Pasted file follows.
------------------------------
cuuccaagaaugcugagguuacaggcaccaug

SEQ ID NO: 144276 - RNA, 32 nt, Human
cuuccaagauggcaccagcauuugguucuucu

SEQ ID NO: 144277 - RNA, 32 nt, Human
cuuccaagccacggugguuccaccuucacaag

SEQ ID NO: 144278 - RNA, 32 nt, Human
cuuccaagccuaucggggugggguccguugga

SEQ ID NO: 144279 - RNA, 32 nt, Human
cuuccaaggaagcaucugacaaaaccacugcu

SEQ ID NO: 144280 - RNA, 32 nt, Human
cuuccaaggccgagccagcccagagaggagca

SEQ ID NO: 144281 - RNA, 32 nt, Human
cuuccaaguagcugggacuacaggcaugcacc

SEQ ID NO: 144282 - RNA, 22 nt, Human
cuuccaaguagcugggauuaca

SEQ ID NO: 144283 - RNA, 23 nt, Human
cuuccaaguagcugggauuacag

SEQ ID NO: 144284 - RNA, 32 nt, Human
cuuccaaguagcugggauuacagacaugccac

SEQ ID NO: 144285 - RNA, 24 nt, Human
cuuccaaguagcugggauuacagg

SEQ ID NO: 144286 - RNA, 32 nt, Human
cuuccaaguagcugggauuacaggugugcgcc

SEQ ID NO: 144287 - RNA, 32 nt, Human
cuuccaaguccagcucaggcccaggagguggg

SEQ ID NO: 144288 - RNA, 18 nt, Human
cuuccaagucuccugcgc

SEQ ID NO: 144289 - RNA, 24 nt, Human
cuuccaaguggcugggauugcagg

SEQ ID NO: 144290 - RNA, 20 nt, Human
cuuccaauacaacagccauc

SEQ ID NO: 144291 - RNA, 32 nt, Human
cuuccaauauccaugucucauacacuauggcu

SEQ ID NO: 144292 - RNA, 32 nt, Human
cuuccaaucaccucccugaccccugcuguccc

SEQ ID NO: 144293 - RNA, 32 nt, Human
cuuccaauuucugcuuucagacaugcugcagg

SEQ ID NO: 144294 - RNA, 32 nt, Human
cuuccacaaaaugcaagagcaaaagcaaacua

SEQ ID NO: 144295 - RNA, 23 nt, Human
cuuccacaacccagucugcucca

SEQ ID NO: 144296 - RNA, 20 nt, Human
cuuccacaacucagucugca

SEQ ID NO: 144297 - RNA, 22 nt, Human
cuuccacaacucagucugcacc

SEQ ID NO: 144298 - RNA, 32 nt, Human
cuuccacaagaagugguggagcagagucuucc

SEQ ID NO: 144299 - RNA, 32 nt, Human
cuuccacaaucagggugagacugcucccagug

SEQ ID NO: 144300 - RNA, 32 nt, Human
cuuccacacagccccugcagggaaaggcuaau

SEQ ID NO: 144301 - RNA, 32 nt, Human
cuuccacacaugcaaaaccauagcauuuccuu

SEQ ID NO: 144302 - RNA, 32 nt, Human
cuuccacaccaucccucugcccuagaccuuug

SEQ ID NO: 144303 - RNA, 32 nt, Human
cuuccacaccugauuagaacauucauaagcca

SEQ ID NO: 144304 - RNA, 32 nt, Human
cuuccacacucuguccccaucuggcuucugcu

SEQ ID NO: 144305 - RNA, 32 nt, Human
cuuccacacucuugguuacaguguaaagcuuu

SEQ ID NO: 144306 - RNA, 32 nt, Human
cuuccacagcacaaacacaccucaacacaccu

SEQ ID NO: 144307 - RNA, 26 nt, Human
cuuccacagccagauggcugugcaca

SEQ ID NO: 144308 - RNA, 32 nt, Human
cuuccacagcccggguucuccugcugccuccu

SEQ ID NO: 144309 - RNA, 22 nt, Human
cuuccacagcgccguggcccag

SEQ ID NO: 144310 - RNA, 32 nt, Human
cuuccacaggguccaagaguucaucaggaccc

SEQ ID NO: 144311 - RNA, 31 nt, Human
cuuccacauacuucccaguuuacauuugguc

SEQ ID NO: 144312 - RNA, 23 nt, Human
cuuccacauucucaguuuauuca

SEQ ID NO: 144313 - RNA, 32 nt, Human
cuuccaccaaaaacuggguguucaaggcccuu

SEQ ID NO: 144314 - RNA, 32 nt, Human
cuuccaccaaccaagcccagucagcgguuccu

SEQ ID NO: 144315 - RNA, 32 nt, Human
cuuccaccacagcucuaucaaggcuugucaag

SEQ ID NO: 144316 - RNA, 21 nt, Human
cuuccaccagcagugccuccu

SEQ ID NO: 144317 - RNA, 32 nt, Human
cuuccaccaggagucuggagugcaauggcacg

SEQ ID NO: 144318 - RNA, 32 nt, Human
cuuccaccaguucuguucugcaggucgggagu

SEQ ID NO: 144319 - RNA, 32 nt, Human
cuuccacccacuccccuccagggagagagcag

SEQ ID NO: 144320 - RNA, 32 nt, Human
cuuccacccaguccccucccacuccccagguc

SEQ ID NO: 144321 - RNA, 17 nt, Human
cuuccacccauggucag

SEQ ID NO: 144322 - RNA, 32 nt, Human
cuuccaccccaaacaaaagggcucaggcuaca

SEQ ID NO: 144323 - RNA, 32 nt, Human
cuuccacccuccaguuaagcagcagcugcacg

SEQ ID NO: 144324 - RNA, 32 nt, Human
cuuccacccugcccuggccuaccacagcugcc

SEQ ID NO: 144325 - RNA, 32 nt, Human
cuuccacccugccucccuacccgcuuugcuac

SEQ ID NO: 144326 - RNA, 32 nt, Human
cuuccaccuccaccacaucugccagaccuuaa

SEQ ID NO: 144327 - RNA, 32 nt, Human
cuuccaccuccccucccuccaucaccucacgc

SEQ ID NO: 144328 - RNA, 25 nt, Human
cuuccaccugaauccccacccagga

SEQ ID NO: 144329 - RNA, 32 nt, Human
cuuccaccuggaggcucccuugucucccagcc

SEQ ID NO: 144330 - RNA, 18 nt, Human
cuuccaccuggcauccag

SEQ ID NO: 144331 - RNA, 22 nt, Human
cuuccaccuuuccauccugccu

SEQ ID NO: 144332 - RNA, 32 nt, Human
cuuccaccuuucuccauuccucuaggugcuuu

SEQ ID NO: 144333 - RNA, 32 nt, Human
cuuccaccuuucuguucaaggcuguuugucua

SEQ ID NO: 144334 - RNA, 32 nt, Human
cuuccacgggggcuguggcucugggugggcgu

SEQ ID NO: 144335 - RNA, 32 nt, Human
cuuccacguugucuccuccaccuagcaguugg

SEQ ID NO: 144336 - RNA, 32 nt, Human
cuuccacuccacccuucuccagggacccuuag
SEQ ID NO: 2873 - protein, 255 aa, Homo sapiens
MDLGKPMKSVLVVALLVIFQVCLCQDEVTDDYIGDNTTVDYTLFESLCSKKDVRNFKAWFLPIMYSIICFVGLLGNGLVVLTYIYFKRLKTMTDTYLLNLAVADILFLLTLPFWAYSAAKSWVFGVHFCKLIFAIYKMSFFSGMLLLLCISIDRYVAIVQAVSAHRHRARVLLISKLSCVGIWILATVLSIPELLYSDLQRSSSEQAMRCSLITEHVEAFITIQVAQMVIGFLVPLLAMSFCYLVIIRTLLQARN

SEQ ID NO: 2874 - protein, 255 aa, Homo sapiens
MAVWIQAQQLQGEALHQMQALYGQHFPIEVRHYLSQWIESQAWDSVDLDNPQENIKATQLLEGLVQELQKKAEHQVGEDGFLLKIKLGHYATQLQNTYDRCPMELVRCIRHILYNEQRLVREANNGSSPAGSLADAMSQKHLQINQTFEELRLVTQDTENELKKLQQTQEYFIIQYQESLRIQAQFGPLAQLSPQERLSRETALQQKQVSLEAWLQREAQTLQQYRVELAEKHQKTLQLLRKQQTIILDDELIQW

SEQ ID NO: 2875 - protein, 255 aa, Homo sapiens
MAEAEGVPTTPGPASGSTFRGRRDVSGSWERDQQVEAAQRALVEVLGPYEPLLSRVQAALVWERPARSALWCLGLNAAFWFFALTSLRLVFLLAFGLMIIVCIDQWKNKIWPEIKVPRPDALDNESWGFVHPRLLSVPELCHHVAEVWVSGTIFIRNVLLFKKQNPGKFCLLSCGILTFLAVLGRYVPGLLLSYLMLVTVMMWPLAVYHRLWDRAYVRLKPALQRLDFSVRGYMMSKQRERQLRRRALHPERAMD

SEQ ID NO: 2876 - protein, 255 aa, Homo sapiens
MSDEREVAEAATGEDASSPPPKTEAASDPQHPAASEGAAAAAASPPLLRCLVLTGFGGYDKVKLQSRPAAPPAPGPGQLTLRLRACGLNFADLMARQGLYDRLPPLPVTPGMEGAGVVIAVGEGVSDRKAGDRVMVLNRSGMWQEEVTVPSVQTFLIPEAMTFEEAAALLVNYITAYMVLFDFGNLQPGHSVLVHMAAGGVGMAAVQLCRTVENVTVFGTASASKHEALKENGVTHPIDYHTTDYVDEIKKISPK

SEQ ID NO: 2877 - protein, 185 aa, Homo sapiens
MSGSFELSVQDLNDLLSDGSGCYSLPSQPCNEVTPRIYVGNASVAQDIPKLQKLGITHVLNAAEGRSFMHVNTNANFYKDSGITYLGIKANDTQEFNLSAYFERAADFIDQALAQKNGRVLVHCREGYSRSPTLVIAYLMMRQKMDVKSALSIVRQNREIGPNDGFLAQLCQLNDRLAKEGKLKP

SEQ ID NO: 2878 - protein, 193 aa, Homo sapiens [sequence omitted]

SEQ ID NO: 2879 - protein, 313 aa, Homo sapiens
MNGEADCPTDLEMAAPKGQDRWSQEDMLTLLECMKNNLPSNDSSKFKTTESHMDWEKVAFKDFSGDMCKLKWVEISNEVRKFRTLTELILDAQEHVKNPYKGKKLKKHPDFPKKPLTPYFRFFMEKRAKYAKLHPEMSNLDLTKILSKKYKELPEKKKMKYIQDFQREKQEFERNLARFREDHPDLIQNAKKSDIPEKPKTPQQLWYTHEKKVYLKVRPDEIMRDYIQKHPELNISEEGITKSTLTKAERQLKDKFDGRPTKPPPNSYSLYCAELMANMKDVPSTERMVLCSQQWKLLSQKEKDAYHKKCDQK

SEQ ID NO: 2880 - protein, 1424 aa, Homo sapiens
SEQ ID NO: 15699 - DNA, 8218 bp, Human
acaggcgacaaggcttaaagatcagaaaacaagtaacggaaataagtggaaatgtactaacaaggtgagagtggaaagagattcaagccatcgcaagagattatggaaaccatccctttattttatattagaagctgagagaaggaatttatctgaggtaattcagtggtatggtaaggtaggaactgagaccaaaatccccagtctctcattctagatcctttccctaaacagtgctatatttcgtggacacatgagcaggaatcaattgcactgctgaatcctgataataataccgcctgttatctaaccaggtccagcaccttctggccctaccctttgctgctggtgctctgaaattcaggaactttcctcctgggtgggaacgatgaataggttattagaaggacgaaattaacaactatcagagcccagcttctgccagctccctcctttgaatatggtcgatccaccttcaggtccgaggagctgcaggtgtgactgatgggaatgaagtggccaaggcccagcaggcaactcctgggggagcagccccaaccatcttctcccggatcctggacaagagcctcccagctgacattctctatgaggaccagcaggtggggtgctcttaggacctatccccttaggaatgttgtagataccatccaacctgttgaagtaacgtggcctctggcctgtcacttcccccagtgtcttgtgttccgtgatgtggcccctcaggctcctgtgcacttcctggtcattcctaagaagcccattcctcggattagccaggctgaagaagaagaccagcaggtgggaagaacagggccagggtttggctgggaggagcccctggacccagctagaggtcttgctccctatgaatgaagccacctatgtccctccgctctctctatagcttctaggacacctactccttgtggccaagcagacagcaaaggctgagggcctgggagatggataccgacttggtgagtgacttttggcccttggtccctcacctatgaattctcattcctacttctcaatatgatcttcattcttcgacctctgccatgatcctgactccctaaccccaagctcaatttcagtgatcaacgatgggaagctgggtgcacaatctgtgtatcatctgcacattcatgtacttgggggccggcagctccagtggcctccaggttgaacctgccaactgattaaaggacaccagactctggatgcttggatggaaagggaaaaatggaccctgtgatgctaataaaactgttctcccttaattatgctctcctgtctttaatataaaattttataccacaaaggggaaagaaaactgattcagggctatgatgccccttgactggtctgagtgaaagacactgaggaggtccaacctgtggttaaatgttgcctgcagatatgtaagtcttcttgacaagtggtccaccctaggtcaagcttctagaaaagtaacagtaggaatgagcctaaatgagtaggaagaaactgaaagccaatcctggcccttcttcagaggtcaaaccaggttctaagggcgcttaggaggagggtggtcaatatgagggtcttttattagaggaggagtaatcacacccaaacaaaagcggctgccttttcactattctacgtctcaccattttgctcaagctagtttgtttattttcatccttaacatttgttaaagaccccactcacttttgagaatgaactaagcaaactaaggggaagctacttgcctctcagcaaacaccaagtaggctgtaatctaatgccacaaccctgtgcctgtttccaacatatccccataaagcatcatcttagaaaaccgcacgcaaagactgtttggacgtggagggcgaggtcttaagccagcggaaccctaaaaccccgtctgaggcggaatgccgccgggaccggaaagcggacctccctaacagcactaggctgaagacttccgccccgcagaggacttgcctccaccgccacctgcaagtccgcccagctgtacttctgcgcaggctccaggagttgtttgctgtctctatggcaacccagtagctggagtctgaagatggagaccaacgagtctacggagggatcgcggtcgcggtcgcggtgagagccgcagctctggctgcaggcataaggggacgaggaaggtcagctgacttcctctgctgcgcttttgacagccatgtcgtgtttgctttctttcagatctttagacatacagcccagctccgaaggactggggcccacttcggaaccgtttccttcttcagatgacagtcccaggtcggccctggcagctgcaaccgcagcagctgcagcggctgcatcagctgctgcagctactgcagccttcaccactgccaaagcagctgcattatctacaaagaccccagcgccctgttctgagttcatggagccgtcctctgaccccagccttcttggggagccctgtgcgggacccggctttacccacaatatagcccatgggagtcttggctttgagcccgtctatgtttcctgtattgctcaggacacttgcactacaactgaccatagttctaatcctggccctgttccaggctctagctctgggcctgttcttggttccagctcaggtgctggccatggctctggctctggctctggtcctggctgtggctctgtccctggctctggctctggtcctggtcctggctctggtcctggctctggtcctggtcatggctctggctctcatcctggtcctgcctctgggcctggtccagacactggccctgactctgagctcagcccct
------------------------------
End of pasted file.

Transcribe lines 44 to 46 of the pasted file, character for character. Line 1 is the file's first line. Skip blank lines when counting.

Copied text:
SEQ ID NO: 144297 - RNA, 22 nt, Human
cuuccacaacucagucugcacc

SEQ ID NO: 144298 - RNA, 32 nt, Human